“Once he got there, he ran. As if something real and living, something breathing fire, was chasing him. Now, months later, he realized that creature was not something he could outrun because it lived within him.”
Beneath The Trees is a unique women’s fiction novel with a conservationist twist. Colden is a young woman working towards her PhD in wildlife biology. She spends as much time as she can in the remote wilds of the Adirondack Mountains with her father and step-mother. Working on tracking beavers and moose is important, but not as exciting as Colden desires. She wants to do something meaningful and impactful. Something that stakes her reputation and launches her career.
This novel isn’t just about Colden though. We get glimpses of a young man living in the woods. He is hiding deep in the wilds, surviving on what he can hunt or fish, only stealing small items as he needs them. He has no desire to interact with humanity. He wants to hide and disappear.
The pieces with Brayden in the wild are brief, but incredibly compelling. Every single interaction with him has you wondering what he’s running from. And as we get a glimpse into this answer, we are heartbroken bit by bit for this broken young man. We begin to wonder at the significance of who he could be in Colden’s life. Or how their paths will cross.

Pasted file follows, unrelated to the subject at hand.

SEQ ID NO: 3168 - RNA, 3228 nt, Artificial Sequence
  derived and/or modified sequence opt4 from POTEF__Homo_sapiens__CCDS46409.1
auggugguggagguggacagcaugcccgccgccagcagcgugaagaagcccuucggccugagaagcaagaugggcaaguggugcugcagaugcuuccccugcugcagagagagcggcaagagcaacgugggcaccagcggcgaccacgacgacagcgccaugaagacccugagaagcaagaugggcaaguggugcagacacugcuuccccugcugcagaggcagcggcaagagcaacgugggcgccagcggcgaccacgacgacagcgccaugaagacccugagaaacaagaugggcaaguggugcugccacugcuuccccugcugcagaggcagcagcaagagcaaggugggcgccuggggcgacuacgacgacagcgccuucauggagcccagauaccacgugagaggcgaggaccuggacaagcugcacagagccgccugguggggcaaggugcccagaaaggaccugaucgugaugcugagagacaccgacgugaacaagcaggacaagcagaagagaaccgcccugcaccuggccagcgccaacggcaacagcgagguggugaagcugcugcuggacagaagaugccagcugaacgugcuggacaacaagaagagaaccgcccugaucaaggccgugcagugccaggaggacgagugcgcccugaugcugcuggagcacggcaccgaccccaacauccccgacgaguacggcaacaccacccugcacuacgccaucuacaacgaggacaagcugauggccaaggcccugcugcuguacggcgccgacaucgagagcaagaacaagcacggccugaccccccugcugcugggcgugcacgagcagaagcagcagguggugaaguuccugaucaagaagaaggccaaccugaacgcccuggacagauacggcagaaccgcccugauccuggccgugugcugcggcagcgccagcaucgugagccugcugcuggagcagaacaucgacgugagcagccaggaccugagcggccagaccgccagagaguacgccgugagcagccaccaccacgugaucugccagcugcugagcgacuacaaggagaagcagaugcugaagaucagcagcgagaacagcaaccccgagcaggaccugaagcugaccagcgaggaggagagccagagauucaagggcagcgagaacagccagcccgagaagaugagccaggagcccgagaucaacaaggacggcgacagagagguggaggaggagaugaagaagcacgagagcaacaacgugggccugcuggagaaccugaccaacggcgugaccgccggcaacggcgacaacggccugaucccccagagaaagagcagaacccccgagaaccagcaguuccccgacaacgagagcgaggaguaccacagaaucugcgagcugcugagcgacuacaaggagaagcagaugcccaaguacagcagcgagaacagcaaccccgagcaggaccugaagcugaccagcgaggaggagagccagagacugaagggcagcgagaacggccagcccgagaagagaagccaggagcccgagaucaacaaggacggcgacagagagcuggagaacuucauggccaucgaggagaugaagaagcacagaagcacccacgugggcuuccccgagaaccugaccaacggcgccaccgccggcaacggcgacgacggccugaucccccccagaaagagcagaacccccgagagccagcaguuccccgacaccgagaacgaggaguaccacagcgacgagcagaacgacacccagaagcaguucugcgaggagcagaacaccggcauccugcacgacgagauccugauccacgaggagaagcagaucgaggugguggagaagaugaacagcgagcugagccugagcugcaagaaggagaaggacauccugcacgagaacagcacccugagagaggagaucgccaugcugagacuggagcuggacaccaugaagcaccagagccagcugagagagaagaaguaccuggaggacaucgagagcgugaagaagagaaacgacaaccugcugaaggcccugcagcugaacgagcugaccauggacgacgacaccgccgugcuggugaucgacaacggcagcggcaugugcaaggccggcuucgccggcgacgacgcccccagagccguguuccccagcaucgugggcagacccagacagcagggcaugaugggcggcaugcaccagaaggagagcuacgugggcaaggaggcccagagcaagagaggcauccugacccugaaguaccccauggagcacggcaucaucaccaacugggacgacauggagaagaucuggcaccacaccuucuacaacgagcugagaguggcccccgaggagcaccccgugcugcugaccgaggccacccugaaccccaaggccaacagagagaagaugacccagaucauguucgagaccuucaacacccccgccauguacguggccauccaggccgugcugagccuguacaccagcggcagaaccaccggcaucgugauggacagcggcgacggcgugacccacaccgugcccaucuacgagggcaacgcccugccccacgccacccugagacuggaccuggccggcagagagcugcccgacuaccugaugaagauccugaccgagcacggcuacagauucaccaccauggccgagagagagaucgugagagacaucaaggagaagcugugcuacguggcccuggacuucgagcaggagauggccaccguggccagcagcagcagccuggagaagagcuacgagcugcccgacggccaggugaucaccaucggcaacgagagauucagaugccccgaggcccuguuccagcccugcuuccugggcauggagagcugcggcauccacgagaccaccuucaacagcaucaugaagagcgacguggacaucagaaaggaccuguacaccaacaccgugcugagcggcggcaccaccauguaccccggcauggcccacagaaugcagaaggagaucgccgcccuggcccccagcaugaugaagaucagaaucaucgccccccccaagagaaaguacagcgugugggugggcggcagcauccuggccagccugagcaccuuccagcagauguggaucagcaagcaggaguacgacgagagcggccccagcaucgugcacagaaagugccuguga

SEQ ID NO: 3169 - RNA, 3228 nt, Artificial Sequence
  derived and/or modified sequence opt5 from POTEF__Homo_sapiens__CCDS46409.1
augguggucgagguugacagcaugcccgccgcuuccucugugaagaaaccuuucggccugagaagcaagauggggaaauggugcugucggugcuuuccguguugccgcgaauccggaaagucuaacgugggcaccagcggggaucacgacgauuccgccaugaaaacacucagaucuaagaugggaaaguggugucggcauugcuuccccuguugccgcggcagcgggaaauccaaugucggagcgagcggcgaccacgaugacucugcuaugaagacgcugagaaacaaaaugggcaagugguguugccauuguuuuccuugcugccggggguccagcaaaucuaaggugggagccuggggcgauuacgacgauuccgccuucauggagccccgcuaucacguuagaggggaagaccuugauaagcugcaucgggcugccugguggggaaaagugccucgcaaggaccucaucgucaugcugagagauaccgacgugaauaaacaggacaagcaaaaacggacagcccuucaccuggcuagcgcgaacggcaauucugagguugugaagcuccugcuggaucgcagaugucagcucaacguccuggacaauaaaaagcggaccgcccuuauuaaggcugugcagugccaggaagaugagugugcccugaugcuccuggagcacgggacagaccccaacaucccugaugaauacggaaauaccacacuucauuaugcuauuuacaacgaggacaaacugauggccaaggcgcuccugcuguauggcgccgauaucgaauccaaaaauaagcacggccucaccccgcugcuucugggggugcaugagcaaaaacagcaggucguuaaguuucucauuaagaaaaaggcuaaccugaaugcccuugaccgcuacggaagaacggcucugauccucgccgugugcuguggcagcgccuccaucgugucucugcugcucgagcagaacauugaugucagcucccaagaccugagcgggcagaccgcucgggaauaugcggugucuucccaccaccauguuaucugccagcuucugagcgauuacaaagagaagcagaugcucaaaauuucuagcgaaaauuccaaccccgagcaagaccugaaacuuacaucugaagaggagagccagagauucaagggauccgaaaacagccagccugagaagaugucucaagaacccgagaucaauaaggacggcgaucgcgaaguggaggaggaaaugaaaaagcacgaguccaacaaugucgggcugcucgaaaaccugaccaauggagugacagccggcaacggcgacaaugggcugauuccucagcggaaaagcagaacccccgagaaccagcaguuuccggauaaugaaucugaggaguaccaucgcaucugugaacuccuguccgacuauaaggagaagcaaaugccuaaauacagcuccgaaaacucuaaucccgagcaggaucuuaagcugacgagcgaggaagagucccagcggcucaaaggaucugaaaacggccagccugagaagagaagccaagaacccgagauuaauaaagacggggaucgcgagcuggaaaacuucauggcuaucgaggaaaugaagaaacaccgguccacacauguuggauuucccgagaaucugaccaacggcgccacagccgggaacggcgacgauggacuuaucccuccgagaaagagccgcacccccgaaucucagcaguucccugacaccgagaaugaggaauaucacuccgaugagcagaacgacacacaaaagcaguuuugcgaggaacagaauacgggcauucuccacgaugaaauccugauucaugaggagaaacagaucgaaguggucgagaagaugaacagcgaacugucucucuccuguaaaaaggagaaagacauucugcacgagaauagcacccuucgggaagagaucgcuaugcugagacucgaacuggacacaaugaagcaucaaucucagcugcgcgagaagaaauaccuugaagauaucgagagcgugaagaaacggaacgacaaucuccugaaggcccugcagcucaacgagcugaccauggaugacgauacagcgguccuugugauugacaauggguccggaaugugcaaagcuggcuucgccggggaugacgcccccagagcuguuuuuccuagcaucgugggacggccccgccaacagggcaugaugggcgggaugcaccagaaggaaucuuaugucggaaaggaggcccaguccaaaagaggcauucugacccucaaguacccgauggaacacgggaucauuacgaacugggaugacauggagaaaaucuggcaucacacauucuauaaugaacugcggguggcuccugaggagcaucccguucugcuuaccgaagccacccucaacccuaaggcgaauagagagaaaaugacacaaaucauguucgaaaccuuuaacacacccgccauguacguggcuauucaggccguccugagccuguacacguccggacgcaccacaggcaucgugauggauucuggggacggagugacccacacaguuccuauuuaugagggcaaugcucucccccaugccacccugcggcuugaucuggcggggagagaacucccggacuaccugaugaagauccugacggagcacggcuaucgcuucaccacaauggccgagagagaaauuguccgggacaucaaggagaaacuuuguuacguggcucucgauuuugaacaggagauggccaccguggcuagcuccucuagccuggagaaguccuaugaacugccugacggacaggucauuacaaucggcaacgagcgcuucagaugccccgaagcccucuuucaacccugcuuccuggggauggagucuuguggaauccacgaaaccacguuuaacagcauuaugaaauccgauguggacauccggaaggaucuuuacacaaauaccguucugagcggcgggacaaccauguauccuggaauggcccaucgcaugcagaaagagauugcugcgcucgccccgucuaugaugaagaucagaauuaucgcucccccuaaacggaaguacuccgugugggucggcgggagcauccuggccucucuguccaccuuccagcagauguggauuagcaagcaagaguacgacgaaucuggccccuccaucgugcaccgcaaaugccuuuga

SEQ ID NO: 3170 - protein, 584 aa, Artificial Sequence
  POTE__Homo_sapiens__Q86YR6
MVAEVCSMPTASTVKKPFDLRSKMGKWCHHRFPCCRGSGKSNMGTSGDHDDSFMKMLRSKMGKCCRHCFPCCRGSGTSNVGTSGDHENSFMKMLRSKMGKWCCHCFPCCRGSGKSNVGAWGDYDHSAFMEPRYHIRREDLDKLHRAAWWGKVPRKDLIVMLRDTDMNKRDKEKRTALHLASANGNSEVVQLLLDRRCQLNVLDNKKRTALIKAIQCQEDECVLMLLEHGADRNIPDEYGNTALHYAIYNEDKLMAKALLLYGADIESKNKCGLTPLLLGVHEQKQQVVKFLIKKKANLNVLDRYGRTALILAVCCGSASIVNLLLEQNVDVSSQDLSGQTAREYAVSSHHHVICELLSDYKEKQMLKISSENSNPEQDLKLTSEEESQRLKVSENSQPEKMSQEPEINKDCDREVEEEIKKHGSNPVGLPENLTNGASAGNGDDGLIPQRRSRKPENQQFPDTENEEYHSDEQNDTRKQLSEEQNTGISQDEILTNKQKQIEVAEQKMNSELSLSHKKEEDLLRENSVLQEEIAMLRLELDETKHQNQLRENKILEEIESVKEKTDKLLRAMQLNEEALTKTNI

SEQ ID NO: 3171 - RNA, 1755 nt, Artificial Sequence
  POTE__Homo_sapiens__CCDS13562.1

I have to say, while I really enjoyed this novel, I didn’t care for Colden much. Colden reads a bit like a coming of age character. Except she is far older than a teenager. So, she comes across as very immature when she interacts with people.
“Her family was apparently more wealthy and educated but seemingly less sophisticated and worldly than his. She felt both beyond Drew and behind him in unfamiliar ways.”
Her money is mentioned several times. That she is uncomfortable with it, but also more than accustomed to the convenience of it is aggravating at times. She comes across as wanting to be both a humble country girl who wants to live a simple life, and also a girl who will use her money and stature to get what she wants.
Part of what made the novel enjoyable though, is that the author doesn’t seem to be disguising her privilege or her immaturity. It takes awhile, but both her dad and her step-mom do reprimand her and call her on her nonsense. It made the novel more real for me and I could appreciate that sometimes we do go through some petulance or throw a tantrum or three when trying to find our way in this world.
“Look, all you’ve seen of us is through the lens of a kid. Kids are all self-absorbed. And frankly, you’re still a kid. Sort of, anyway. You’ve had a very sheltered life. A wonderful, rich, engaging, beautiful, but sheltered life.”
It was nice to read parents who allow Colden space to make her own mistakes but also put a boundary up when she begins to spin too far out of control. Especially if the child is actually an adult. I also liked how in the course of discussions such as these, Colden is forced to see that she is very privileged. And that she hasn’t always behaved in admirable ways, or seen that privilege.
When dealing with the character of Larry and Liam, I was irritated in a different way with Colden. Both are written to be very different characters but tackle the same unfairness and inherent sexism in the workplace topics. I did like how the story line with Larry ended. I thought it was an extremely refreshing way to remind us that we should not throw stones and to stop being so judgmental. Liam was a little harder to understand.